The world's largest collection of antique stringed instruments on display in Bologna

The Museum of St. Columbanus in Bologna is hosting the exhibition Still Alive until January 10, 2021: displaying the world's largest collection of antique stringed instruments.

The Museo di San Colombano in Bologna is hosting the world’s largest collection of antique stringed instruments until January 10, 2021. Still Alive, this is the title of the exhibition, presents more than two hundred string instruments and bows from the collection of Maestro José Vázquez, dating from 1550 to 1780, all restored to their original condition. The Museum of San Colombano is home to the Tagliavini Collection: the harpsichords and spinets belonging to it are therefore placed in ideal dialogue with the string instruments. These are all instruments that are regularly used in concerts, recordings, masterclasses and competitions.

“We are proud to host such a valuable exhibition, which unites in one place two unique collections in the world, in the year in which we celebrate the tenth anniversary of the reopening of San Colombano to the public,” said Fabio Roversi-Monaco, President of Genus Bononiae. “A place that is particularly dear to us, a treasure chest of artistic and architectural beauty, as well as an absolute masterpiece of art history such as the wall fresco by Giunta Pisano, and which also through this exhibition I hope will be known by an increasing number of people.”

“What we are interested in is the living legacy of sound, the sound that these instruments produce for us living today and not the mere aesthetic value as objects found in aristocratic residences of the distant past. We want to hear what these instruments have to tell us,” says Maestro Vázquez.

The entire Vázquez Collection, the largest of its kind in the world, includes instruments such as violas da gamba, violas d’amore, violins, violas, cellos, violons, and barytons. Among the most valuable instruments are a cello built by Simone Cimapane (1692), a very valuable viola da gamba by William Bowelesse (c. 1590) that probably belonged to Queen Elizabeth I of England, a viola da gamba by Gasparo da Salò (Brescia, c. 1570), a viola da gamba by Jakob Stainer (1671), two by Joachim Tielke (1683, 1697), instruments made by Milanese luthier Giovanni Grancino (c. 1700), and a viola da gamba by Pietro Guarneri (Mantua, c. 1700). In addition to numerous Italian instruments, ample space will be given to instruments made in England in the era of William Shakespeare and Henry Purcell, and in the Habsburg Empire by luthier dynasties such as Thir, Leidolff, Stadlmann, and Posch. Notable among the original bows are two twin bows that belonged to the great composer and violin virtuoso Giuseppe Tartini, and two Venetian bows, also twins, from the time of Antonio Vivaldi. Also featured are bows by Tourte, Dodd and others.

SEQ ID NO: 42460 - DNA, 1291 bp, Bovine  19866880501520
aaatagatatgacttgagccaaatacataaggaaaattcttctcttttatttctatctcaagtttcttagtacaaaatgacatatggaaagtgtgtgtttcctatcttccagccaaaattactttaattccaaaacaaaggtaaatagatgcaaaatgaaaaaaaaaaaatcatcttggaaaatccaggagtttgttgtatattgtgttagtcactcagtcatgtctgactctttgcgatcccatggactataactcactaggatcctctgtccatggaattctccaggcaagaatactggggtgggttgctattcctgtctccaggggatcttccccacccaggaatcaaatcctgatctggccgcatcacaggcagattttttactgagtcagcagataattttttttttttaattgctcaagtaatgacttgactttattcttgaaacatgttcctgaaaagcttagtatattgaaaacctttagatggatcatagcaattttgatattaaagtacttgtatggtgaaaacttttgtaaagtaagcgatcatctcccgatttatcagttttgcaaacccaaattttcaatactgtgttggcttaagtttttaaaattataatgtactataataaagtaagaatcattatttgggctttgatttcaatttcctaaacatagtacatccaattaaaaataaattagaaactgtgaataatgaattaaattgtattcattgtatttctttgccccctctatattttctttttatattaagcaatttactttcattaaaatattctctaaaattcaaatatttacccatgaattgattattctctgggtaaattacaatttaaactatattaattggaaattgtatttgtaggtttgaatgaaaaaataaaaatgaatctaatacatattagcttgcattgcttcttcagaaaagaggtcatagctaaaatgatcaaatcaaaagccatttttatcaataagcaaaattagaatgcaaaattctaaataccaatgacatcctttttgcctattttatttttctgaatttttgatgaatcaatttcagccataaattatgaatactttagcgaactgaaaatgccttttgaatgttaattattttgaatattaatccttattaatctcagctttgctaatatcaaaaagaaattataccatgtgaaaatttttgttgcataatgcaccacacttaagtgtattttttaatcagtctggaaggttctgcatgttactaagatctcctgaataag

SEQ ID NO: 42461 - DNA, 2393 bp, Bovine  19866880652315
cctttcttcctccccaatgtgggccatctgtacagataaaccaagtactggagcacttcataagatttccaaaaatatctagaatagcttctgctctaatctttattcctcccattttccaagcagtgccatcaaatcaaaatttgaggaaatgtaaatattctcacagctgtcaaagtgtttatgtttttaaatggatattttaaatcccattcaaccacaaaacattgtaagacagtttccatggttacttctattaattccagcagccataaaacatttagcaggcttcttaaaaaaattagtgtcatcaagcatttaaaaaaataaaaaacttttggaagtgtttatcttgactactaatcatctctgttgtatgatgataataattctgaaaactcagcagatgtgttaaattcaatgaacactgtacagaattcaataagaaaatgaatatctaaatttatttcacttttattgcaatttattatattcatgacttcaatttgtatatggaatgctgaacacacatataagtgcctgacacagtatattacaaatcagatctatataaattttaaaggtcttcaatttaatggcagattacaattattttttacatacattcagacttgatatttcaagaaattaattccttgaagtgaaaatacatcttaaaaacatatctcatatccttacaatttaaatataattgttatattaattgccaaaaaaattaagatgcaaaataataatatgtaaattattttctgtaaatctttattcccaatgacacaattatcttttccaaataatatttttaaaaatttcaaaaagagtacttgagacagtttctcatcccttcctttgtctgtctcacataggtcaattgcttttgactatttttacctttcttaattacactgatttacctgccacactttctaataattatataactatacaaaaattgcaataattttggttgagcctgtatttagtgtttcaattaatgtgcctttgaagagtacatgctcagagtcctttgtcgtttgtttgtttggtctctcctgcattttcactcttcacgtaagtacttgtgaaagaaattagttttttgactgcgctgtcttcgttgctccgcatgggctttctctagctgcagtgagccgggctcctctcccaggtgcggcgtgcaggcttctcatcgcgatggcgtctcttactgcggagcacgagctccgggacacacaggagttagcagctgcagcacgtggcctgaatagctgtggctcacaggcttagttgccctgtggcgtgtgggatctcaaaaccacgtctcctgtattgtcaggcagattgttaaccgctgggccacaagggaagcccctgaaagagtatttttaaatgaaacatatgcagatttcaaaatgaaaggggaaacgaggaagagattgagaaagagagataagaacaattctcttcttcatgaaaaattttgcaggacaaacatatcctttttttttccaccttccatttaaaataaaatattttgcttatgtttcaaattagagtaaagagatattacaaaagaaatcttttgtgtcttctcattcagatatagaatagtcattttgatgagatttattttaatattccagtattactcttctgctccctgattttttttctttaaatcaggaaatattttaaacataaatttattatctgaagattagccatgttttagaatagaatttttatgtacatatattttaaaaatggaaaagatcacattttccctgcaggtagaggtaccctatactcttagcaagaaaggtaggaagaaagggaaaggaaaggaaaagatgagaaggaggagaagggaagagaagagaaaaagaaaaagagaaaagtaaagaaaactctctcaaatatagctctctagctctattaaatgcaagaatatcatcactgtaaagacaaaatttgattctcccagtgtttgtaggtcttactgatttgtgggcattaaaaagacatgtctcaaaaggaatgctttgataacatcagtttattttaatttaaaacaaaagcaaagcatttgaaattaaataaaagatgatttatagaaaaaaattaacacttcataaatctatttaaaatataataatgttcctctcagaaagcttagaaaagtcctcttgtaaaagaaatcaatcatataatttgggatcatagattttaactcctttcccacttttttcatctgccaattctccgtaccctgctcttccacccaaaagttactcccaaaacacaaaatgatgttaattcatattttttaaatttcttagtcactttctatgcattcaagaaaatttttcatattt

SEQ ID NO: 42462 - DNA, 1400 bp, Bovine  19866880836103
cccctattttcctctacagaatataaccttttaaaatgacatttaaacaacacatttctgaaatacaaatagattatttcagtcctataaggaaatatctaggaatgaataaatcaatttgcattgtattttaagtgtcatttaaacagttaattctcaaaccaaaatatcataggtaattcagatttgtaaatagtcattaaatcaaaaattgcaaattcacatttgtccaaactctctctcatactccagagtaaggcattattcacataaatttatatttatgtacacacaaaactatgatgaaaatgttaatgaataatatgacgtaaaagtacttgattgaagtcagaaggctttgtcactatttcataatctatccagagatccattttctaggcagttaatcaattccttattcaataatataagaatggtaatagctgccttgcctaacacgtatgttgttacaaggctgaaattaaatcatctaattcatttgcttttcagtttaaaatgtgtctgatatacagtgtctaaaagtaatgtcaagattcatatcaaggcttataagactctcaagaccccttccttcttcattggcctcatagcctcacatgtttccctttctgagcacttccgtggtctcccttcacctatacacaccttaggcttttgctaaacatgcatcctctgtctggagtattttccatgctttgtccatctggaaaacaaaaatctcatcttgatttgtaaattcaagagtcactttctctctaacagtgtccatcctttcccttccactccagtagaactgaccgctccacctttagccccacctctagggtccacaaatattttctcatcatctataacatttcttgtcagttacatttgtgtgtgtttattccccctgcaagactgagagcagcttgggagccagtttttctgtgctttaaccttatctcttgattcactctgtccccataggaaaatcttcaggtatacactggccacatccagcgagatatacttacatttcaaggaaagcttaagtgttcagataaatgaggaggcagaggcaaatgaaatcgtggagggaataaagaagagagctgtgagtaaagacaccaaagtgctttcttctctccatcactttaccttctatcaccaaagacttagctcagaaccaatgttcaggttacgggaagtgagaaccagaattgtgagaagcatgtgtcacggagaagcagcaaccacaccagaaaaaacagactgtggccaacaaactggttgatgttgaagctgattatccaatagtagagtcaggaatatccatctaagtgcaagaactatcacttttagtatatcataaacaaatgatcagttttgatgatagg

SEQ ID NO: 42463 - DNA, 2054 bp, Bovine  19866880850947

From September the exhibition will be enhanced by a full calendar of events, with concerts, lectures and guided tours, as well as a series of events dedicated to schools, universities and conservatories.

Hours: Tuesday through Sunday from 11 a.m. to 1 p.m. and 3 p.m. to 7 p.m.

Tickets: Full 7 euros, reduced 5 euros.

The world's largest collection of antique stringed instruments on display in Bologna
The world's largest collection of antique stringed instruments on display in Bologna

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